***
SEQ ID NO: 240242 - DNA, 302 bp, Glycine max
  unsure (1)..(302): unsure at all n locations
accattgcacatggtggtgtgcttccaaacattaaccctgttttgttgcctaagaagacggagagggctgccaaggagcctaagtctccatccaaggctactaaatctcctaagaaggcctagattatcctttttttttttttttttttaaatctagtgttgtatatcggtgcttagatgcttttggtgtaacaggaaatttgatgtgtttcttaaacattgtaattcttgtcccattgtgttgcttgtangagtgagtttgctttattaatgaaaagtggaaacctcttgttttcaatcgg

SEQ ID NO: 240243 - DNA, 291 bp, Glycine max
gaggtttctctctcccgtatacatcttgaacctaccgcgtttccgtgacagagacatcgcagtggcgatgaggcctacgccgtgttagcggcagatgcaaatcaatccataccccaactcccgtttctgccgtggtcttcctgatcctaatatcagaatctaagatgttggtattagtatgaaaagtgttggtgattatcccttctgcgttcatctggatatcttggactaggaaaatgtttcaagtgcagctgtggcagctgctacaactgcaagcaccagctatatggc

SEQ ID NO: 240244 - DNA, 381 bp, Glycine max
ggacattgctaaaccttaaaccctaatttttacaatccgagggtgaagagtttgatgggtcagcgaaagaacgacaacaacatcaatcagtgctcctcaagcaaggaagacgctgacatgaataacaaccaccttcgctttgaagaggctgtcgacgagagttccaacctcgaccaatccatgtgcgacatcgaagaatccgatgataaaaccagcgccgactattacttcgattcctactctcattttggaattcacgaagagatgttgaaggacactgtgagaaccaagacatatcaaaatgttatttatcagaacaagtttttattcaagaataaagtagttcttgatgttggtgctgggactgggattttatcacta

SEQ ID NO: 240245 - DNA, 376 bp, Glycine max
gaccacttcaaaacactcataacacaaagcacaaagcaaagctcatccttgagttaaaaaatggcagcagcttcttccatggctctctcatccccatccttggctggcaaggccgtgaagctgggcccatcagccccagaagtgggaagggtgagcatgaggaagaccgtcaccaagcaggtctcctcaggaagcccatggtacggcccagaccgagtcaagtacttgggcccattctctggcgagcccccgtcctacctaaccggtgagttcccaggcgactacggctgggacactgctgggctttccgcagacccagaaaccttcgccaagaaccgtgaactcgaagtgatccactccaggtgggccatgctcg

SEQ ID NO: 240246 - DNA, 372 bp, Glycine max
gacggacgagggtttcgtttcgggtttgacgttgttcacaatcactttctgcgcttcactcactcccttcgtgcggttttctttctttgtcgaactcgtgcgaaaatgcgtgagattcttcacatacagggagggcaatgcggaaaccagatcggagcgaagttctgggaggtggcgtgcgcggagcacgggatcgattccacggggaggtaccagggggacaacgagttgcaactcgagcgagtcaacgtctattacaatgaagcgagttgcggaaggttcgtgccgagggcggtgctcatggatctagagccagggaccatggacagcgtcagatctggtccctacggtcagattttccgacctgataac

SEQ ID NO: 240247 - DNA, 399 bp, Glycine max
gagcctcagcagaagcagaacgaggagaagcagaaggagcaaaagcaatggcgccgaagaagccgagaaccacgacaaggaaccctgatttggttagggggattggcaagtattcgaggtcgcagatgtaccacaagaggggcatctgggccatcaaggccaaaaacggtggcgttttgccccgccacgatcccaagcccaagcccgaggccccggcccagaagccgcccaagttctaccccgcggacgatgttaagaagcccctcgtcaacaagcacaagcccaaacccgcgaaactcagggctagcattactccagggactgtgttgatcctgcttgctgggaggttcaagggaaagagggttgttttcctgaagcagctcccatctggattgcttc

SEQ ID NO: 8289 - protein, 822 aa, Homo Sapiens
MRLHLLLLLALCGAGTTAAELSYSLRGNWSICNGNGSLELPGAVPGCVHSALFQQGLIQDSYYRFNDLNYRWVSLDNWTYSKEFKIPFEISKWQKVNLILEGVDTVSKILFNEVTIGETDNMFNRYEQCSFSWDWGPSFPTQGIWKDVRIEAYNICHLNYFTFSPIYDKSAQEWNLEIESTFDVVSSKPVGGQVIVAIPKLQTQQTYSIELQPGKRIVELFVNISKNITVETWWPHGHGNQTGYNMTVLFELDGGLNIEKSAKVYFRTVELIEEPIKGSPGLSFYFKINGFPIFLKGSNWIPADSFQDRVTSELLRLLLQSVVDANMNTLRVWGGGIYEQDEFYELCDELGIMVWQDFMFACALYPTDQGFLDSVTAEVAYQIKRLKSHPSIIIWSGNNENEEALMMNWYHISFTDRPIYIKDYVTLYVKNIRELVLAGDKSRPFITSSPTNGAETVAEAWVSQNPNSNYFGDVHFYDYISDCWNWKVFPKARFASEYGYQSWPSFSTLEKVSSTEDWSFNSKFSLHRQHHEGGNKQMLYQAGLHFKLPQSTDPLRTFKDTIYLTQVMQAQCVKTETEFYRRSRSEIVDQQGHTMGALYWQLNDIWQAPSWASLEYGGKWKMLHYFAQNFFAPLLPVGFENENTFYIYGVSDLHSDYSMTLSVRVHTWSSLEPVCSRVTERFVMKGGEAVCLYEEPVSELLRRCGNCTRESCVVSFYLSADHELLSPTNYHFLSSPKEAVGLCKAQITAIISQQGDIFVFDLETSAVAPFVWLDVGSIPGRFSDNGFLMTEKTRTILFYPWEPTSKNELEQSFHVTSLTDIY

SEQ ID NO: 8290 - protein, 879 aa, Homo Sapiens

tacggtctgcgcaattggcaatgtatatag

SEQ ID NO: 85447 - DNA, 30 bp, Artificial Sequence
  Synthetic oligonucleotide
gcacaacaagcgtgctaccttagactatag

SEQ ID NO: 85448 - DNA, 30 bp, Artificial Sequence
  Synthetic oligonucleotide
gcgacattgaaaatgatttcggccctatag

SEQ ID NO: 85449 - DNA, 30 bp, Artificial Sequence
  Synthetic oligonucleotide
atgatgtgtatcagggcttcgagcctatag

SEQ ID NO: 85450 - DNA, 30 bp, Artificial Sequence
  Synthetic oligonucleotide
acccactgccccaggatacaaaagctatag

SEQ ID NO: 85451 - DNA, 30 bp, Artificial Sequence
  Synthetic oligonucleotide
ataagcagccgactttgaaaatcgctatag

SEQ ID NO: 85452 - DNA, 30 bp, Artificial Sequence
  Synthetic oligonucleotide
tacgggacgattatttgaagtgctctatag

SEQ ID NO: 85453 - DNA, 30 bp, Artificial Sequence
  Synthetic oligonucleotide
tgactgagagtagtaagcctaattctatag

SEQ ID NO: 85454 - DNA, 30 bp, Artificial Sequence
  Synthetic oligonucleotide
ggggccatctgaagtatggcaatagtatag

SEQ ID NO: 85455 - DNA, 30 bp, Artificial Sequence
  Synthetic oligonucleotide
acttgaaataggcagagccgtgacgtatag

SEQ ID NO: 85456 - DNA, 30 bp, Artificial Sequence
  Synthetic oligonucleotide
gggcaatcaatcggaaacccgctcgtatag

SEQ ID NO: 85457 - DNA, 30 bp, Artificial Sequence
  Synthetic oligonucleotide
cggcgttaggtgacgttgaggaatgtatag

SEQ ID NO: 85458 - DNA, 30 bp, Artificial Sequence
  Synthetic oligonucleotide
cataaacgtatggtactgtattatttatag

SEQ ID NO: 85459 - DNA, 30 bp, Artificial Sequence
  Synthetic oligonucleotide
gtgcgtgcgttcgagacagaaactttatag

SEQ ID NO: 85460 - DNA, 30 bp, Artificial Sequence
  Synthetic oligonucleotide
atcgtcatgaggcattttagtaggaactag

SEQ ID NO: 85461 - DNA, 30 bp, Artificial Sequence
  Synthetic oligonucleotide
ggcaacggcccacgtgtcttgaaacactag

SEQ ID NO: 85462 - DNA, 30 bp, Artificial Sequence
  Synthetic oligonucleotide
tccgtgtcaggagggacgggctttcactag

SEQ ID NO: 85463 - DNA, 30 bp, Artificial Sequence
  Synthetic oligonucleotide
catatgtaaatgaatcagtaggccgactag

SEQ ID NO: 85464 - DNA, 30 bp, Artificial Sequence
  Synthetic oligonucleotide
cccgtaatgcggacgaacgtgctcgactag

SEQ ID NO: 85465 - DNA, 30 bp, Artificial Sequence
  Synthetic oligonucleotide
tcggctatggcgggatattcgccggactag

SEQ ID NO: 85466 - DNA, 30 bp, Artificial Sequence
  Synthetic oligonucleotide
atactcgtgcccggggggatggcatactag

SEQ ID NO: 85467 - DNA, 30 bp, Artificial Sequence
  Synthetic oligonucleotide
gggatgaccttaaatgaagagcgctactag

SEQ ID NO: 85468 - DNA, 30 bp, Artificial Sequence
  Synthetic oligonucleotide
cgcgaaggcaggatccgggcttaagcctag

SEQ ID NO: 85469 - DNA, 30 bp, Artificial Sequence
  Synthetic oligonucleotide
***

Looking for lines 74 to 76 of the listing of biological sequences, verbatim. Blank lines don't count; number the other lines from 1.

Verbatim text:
tcggctatggcgggatattcgccggactag

SEQ ID NO: 85466 - DNA, 30 bp, Artificial Sequence
  Synthetic oligonucleotide